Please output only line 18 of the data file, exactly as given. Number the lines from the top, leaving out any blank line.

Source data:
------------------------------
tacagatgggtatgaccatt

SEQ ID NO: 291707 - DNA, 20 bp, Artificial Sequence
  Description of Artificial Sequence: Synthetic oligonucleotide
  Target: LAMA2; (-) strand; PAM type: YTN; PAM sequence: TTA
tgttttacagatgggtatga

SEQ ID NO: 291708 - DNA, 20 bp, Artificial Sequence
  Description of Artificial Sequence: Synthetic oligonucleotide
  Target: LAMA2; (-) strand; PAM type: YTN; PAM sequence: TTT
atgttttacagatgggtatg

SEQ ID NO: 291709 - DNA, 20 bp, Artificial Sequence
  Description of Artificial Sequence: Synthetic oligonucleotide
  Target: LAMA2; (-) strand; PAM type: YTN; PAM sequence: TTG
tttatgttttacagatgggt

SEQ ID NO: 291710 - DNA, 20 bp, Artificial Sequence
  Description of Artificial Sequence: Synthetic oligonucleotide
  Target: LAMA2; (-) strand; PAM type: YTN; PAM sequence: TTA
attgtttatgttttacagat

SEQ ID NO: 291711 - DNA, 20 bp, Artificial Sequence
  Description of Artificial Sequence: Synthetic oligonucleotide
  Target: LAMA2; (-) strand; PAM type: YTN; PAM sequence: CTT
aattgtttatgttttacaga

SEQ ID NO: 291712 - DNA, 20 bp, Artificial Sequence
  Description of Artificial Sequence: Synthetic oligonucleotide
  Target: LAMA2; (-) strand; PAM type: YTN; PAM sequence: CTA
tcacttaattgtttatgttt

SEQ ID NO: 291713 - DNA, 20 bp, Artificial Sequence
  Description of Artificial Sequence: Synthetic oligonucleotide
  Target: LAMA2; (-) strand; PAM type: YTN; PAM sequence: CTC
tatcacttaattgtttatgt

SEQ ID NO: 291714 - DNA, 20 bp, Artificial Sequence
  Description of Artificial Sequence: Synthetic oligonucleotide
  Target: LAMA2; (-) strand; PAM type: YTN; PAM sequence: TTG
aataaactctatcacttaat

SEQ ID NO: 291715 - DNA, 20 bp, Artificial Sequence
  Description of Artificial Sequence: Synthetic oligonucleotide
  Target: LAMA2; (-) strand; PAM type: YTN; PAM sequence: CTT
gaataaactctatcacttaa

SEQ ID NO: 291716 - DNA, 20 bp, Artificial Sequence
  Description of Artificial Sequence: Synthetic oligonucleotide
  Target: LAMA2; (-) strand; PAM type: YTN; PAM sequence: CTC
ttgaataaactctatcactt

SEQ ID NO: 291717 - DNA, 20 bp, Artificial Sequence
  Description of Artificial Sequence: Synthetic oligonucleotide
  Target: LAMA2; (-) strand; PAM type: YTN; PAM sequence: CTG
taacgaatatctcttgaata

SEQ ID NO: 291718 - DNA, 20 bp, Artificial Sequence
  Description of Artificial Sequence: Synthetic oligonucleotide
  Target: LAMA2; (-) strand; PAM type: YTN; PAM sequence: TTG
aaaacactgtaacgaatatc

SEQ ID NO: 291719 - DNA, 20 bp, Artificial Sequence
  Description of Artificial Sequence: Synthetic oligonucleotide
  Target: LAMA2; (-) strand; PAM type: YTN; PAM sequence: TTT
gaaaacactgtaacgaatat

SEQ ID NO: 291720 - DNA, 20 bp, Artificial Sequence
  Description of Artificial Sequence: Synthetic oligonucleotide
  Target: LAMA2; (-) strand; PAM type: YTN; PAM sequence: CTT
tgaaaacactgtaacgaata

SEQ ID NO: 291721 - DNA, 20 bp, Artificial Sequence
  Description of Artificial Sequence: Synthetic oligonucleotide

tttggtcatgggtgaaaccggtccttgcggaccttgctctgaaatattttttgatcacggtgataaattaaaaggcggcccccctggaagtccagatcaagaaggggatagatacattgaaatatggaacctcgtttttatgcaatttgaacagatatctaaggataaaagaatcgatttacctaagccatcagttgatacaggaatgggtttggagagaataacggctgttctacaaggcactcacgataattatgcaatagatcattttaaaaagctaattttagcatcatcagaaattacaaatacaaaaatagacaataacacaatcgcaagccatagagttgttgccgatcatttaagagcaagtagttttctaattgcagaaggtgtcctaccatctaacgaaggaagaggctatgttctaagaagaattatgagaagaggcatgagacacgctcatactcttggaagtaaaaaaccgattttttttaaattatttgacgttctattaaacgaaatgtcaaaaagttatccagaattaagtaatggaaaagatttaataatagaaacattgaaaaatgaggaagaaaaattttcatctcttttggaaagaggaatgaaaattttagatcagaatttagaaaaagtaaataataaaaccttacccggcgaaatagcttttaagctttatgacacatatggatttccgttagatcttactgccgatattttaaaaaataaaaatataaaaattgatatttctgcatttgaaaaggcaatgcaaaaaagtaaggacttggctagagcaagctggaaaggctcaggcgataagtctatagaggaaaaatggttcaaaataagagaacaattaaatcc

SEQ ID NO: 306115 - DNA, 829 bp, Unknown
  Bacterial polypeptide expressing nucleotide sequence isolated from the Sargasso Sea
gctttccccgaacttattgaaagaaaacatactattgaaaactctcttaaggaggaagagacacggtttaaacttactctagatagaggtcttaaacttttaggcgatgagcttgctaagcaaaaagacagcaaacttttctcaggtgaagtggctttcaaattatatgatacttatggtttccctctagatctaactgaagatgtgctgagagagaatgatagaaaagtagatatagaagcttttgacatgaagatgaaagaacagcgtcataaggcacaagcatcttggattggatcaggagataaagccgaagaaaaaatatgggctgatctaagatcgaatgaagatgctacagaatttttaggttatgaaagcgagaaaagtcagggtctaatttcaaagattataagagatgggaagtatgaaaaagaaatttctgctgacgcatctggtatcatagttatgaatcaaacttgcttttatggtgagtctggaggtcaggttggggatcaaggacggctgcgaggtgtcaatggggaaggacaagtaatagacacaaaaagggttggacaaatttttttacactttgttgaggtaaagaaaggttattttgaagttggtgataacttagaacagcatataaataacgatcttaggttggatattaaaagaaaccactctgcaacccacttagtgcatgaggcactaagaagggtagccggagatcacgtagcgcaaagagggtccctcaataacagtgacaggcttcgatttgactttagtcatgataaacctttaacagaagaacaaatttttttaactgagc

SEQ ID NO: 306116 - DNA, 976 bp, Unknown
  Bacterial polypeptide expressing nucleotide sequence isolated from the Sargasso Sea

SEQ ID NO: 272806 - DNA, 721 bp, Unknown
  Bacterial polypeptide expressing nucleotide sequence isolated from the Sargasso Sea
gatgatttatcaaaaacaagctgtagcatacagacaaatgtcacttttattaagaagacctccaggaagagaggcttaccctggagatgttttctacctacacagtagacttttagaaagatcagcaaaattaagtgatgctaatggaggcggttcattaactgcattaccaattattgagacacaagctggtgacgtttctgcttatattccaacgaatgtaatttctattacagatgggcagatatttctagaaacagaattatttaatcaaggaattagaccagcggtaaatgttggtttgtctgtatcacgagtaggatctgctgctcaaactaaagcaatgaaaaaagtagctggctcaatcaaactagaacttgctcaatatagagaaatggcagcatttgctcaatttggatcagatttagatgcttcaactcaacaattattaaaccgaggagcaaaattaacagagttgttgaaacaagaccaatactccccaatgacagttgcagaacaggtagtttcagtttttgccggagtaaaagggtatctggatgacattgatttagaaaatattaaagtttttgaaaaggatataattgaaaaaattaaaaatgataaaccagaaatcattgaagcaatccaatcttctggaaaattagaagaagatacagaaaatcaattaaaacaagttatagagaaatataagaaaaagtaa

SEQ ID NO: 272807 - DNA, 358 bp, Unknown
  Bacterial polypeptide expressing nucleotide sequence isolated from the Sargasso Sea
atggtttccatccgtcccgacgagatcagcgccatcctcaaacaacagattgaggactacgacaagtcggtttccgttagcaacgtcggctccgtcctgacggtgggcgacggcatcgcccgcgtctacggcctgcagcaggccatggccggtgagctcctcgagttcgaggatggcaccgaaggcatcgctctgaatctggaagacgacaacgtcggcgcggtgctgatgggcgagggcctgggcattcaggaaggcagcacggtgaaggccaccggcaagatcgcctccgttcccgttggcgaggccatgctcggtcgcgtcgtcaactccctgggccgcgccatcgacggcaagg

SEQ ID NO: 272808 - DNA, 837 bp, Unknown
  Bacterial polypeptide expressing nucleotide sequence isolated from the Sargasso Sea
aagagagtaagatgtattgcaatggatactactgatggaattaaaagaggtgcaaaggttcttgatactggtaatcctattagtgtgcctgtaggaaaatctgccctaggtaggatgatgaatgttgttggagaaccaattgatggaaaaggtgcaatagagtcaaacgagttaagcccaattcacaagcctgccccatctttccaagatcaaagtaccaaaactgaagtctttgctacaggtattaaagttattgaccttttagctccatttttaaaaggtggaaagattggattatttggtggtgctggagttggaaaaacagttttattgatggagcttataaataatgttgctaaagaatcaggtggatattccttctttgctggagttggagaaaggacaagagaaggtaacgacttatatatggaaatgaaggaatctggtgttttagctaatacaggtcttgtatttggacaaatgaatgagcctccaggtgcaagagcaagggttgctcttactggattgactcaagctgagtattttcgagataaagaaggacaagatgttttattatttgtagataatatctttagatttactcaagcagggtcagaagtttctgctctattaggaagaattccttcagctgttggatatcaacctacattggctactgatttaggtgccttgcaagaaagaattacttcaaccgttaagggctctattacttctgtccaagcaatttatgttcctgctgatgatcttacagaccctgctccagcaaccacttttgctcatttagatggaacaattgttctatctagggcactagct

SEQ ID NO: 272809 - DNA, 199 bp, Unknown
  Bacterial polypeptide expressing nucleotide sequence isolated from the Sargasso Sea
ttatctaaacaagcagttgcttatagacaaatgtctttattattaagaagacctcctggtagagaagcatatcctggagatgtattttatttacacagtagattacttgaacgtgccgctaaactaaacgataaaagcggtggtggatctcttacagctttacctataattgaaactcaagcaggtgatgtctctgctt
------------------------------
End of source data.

SEQ ID NO: 291711 - DNA, 20 bp, Artificial Sequence